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Dear Dale:

Good Idea Sometimes Can Go Too Far

February 22, 1987|DALE BALDWIN

Question: I think I've made a dreadful mistake, and I know it was costly. I had wanted to do some decorating in the living room and dining room for several years and finally talked my husband into letting me have my way. Well, my way was fine in the living room. It really looks fresh and pretty and everyone is satisfied. My way in the dining room, however, is the disaster.

I was carried away by wallpaper with matching fabric. Both are a striped pattern with a faint leaf design running between the stripes. Actually, the pattern is pretty, but there's just too much of it. It's on the walls, the chair cushions, and I even had shades made from the fabric.

There's more. I bought extra fabric, which was no small expense, and had a to-the-floor tablecloth made for my round dining table.

It's so busy that my husband almost refuses to take his meals in the room. And I have to confess it bothers me too. The room appears about half as big as it was before, and the walls seem to close in on us.

I don't always use the tablecloth, so that helps some. But what can I do for very little money to relieve the situation and not feel the money is down the drain?

Answer: The simplest solution might be to put a molding around the room about three feet from the floor and strip the wallpaper off the walls beneath it. Then paint the molding and the lower wall a solid color to form a wainscot.

Also, you might remove the wallpaper from one wall and paint it a complementary solid color. Then put a mirror on an opposite wall to reflect the solid-color wall.

If the patterned shades are causing the problem, look around your house to see if the shades might work in another room, such as a guest bedroom, and replace the dining room shades with solid-color blinds.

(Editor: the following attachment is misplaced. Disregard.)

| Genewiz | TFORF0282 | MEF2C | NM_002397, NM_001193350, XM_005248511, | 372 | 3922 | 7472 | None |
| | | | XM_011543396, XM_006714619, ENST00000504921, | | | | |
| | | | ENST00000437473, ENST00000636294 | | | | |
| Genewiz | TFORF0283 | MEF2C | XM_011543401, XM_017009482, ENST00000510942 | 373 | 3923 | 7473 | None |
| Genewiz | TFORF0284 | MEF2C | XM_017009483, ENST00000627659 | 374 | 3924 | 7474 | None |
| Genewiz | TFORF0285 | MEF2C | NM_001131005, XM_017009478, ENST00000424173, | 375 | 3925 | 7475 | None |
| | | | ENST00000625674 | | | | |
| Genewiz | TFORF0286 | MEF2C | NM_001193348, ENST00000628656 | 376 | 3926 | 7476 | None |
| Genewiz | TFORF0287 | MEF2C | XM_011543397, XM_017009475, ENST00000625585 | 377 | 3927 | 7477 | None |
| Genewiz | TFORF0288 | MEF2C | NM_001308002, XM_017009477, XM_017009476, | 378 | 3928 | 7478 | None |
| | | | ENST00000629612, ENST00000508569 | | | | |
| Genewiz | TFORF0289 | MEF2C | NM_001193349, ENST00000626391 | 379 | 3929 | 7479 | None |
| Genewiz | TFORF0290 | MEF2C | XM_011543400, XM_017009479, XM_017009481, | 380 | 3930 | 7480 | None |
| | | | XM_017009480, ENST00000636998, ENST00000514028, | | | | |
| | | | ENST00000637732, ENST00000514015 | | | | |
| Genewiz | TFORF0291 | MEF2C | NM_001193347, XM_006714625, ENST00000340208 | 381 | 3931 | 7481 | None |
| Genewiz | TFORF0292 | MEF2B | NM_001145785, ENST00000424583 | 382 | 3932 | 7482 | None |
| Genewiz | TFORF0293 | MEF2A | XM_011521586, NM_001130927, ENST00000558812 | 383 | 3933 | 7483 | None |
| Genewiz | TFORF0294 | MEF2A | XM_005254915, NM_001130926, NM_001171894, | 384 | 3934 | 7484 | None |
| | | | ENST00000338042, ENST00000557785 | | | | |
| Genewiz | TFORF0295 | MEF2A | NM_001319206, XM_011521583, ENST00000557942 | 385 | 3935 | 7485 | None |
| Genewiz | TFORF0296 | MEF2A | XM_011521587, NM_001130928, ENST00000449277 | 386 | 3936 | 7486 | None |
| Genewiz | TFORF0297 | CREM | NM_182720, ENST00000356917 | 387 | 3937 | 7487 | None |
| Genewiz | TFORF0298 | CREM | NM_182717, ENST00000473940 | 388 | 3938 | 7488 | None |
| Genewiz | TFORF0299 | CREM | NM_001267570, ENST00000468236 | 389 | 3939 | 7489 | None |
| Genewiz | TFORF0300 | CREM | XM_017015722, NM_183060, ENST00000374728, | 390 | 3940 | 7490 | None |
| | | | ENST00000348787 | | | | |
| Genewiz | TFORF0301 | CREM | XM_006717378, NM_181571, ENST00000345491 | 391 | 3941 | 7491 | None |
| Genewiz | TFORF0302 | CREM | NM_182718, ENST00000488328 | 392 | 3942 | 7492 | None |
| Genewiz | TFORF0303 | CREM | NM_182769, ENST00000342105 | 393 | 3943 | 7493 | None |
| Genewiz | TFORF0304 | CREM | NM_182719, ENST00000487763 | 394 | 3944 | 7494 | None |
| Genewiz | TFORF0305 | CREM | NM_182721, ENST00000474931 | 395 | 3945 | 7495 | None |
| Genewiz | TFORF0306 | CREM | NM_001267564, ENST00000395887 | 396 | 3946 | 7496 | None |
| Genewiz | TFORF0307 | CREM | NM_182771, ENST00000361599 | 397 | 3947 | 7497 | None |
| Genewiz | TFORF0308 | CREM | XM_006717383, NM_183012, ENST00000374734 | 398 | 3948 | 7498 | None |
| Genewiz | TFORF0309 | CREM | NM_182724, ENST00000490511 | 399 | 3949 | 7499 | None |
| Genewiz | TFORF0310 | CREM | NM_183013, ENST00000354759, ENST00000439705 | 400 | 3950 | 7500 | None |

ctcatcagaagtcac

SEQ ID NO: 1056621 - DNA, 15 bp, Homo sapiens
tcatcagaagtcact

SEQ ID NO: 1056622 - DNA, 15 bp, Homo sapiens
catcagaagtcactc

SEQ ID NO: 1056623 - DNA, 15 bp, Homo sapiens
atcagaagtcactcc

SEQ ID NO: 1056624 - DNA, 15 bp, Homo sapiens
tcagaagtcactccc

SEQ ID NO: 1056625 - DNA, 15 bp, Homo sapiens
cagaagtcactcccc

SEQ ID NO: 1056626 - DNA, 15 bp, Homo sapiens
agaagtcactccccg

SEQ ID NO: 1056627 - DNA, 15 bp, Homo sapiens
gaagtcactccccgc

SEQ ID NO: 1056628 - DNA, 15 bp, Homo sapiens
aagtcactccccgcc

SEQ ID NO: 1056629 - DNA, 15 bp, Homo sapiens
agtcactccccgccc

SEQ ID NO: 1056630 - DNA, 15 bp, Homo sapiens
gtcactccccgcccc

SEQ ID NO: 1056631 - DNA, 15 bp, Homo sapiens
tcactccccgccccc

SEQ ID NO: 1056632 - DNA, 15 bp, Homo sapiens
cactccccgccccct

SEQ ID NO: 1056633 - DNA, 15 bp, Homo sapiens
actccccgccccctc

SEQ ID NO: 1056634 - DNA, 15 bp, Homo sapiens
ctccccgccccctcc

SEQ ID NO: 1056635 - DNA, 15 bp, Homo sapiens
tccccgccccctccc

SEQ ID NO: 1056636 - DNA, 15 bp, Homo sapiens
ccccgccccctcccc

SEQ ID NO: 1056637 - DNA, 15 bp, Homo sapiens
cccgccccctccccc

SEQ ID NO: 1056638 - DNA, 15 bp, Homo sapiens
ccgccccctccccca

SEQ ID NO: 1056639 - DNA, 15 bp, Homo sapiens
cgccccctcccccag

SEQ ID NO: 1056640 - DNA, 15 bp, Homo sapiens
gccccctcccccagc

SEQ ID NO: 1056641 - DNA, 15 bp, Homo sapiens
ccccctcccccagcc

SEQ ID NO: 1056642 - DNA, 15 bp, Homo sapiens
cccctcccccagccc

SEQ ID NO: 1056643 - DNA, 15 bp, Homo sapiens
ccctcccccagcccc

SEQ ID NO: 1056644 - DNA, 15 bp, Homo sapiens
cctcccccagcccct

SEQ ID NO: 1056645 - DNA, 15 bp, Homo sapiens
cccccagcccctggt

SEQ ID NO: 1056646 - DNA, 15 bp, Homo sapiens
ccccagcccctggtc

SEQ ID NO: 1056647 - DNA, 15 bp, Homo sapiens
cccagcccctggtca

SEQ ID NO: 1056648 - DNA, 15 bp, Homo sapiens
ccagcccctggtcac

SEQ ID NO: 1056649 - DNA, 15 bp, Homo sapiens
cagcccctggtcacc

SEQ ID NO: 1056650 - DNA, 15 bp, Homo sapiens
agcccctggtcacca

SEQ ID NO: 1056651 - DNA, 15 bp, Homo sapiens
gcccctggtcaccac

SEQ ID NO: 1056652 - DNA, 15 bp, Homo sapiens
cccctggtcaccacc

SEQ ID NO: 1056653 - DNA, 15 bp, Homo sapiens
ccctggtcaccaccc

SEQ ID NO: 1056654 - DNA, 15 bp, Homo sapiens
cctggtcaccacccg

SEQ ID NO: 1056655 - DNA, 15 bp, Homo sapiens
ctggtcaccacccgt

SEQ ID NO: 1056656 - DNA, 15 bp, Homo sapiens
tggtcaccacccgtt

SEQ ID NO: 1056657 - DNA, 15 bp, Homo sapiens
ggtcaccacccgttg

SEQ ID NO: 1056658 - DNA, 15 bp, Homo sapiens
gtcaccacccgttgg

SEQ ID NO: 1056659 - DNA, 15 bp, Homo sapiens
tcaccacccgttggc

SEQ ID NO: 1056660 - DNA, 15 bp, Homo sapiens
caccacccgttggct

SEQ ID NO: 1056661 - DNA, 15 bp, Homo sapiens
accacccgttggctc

The floor-length tablecloth might survive the re-do, if you use a square solid-color cloth on top of the patterned one.

OOPS, A GOOF: P.J. Brennan and Gale E. Irwin were quick to point out an error in this column Feb. 1 regarding the actual dimensions of planed lumber. In discussing the construction of bookshelves, I accurately said the dimensions of a board are less than the dimensions by which it is known. For instance, a 2-by-4 is actually less than two inches by four inches. Unfortunately, the actual dimensions given were inaccurate. For now, just remember that a one-inch board is generally only three-quarters of an inch, and in most other cases, all other boards will be one-half inch less than the dimension by which it is know. This can vary; take a measure with you when you order your lumber, and ask a knowledgeable person to check your drawn-up plans before ordering the lumber cut.

Q: I plan to have some rather extensive landscaping done at a home I just bought. I've talked to a couple of people who claim to be landscape architects. How do I know these people are qualified?

A: A licensed landscape architect must have six years of job training and/or education in the field of landscape architecture. A written and an oral examination are required by the State Board of Landscape Architects to be a licensed landscape architect, and the license must be renewed every two years.

If you have any doubts or want to register complaints, you might contact the State Board of Landscape Architects, Department of Consumer Affairs, 1021 "O" Street, Sacramento, Calif. 95814.

Dale Baldwin will answer remodeling questions of general interest on this page. Send your questions to Home Improvement, Real Estate Department, Los Angeles Times, Times Mirror Square, Los Angeles 90053. Baldwin cannot answer questions individually. Snapshots of successful do-it-yourself projects may be submitted but cannot be returned.

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